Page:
5 Money Moves to Make Before Heading Back to College

5 Money Moves to Make Before Heading Back to College

As you head back to campus, you may be thinking about reuniting with friends, selecting your classes, or enjoying the freedom of living on your own – but you’ll want to think about your finances, too. We’ve put together a list of five money moves you should make before heading back to college this semester.

1. Check Your Credit

Considering how important your credit is for all the things you want to do in life, checking your credit before your head back to college should be a priority. Typically, you can access your credit report once a year from each of the three credit reporting bureaus. Due to the COVID-19 pandemic, you’re able to pull your credit report weekly until April 2022. Be sure to use www.AnnualCreditReport.com, as it’s the only website authorized by the government to provide you with this information.

When reviewing your credit report, you’ll want to make sure everything is accurate – including your personal information, trade lines, and account history – and that no fraudulent accounts have been opened in your name. If you find errors on your credit report, you’ll need to contact the credit reporting bureau to have it updated.

Your free credit reports don’t include your credit score. In fact, there’s no law requiring any organization to provide consumers with their credit scores for free. Some financial institutions, however, have taken it upon themselves to offer this service to consumers. PSECU provides eligible members with this information through our free credit score service*.

As a college student, you may not be using your credit much now, but it’ll impact a lot in the future – your ability to get a car loan, whether you’re approved to rent an apartment, and even your car insurance costs. Keeping tabs on your credit now will set you up to be knowledgeable about this important topic and get you into the good habit of monitoring it regularly.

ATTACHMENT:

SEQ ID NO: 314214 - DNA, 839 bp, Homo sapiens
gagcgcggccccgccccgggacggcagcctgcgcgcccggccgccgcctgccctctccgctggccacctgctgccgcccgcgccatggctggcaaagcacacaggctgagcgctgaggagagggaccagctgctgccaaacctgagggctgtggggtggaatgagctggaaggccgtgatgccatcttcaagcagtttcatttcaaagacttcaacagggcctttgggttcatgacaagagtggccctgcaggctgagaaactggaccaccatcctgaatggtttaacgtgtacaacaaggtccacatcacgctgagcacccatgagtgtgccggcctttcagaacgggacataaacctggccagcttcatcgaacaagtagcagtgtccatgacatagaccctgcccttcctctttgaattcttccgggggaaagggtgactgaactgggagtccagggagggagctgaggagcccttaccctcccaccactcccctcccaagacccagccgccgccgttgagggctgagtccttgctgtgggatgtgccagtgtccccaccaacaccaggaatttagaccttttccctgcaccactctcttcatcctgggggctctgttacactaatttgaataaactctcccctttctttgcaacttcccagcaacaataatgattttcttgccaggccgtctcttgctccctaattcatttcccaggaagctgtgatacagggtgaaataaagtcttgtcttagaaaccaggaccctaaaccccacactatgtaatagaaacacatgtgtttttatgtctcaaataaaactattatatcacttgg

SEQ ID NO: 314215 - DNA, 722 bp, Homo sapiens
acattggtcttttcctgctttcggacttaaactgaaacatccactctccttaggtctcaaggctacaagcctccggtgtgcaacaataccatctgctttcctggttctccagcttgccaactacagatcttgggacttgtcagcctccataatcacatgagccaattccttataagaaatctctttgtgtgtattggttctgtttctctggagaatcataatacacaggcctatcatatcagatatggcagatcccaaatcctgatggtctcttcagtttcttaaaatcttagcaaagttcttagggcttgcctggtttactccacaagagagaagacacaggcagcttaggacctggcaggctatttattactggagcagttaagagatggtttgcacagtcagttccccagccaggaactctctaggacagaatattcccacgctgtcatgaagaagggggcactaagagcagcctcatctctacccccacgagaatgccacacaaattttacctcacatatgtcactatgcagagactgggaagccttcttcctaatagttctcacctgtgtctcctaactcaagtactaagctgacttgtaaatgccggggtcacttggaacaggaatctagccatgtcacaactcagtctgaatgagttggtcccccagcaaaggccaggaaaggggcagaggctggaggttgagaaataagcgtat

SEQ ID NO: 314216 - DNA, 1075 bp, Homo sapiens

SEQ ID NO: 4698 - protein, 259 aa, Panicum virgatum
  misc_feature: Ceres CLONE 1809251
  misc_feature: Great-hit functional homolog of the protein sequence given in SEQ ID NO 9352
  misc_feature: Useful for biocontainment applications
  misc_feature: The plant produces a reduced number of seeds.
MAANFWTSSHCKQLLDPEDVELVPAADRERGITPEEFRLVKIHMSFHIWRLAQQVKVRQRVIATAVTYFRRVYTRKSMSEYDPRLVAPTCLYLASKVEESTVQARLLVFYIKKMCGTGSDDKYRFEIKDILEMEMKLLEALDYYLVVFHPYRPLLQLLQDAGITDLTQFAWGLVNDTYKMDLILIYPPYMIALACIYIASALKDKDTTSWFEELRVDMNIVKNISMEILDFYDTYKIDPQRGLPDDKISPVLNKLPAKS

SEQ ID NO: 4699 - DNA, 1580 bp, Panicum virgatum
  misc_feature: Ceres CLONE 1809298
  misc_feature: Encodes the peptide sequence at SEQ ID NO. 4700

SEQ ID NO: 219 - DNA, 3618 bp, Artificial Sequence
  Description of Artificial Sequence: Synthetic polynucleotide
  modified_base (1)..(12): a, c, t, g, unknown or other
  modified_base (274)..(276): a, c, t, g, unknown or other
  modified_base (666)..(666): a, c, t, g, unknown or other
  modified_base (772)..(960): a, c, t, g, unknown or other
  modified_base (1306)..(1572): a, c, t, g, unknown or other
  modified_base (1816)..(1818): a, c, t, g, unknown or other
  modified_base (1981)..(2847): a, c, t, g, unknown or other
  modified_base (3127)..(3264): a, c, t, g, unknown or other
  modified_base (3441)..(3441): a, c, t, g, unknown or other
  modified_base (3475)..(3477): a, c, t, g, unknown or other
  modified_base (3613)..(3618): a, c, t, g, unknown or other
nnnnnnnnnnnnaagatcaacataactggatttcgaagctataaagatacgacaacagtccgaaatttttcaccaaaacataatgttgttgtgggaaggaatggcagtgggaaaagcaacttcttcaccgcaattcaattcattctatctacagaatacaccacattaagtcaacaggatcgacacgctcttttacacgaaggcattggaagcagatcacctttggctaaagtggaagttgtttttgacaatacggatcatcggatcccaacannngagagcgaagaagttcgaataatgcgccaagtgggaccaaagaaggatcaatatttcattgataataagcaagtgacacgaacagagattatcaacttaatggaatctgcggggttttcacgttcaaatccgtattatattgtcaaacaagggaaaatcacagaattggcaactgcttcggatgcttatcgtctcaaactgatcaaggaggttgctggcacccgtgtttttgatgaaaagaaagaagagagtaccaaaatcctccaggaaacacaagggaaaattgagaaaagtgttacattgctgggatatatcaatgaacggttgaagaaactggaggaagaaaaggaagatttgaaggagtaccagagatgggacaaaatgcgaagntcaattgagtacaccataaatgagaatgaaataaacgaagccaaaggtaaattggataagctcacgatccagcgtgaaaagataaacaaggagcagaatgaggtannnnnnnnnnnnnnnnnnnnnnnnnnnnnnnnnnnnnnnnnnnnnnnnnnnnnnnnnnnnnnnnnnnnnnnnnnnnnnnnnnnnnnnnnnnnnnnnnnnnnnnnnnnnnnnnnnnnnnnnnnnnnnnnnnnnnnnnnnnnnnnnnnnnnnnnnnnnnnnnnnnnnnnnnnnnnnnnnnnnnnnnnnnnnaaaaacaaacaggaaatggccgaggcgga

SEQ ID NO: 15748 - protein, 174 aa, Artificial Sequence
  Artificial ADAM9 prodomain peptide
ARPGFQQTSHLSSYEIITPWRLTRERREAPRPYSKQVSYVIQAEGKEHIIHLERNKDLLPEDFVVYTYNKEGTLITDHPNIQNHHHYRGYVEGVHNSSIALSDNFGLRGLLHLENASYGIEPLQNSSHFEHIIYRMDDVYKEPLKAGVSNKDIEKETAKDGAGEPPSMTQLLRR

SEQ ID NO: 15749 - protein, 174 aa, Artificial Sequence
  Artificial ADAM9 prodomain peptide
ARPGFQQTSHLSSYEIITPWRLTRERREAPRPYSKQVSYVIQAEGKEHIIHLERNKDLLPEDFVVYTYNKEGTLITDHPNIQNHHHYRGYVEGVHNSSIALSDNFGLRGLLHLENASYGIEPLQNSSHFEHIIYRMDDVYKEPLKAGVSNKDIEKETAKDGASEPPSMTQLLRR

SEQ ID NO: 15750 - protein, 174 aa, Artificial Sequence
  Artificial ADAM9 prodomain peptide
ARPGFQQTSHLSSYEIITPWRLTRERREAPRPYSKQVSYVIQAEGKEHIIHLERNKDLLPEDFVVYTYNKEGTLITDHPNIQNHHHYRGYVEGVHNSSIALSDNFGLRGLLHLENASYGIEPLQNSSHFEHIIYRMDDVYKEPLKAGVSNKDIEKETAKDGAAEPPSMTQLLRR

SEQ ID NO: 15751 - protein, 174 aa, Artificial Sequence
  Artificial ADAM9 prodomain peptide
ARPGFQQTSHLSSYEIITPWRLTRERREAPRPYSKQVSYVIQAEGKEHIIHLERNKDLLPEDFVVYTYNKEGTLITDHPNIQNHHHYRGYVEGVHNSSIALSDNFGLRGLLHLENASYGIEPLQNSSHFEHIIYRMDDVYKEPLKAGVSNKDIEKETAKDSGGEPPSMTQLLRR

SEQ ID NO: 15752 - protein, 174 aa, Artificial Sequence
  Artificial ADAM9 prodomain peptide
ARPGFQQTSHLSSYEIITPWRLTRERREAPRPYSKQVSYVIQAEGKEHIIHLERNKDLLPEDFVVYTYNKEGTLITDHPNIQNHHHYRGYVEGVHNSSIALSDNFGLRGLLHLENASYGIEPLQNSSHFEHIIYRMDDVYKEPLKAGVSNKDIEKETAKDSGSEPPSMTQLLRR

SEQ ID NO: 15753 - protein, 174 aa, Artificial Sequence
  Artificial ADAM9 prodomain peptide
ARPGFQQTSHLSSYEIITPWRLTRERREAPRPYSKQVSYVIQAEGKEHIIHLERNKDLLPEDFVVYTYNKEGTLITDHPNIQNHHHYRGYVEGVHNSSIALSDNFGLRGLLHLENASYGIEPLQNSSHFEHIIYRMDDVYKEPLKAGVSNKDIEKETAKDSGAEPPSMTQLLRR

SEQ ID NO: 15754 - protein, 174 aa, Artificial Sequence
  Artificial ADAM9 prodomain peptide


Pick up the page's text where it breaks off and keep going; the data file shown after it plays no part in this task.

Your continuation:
2. Review Your Budget

Take the time to put together a realistic budget for the upcoming semesters. First, determine your income and see if any amounts have changed. This can include income from work, financial assistance from parents, or funds from financial aid. Next, make a list of what costs you’ll have this year – like meals, cell phone bill, school supplies, housing expenses, and discretionary spending (sometimes called “fun money,” or what you might use for meals out or movie nights with friends.)

Once you have your income and expenses listed, have a conversation with anyone who may be involved in your finances. Parents, grandparents, and even roommates can have an impact on your bottom line. Discuss who’s paying for each expense and how those payments will be made.

If your parent is keeping you on their cell phone plan, will they pay it completely or expect you to transfer funds to them to cover the cost? Will a roommate with a shared electric bill transfer money to you so you can make the payment, or will they cover a portion of the transaction through their own accounts? Clear communication now can reduce financial stress and confusion when payments are due later.

When crunching numbers, don’t forget to account for savings. Setting aside funds can keep you afloat if you’re faced with an unexpected expense or an emergency. If you need help putting your budget together, download our free budgeting worksheet to get started.

3. Maximize Student Discounts

Your student ID can provide money-saving opportunities throughout your time in college. Many retailers and streaming services offer discounts to students on items you may regularly purchase, like clothing, school supplies, and music subscription services. When you’re around town, ask if local businesses offer a student discount for entry to events or on products. This is a great way to keep your entertainment costs low. Although, if money is really tight, the best way to save is to check out any free events offered on campus.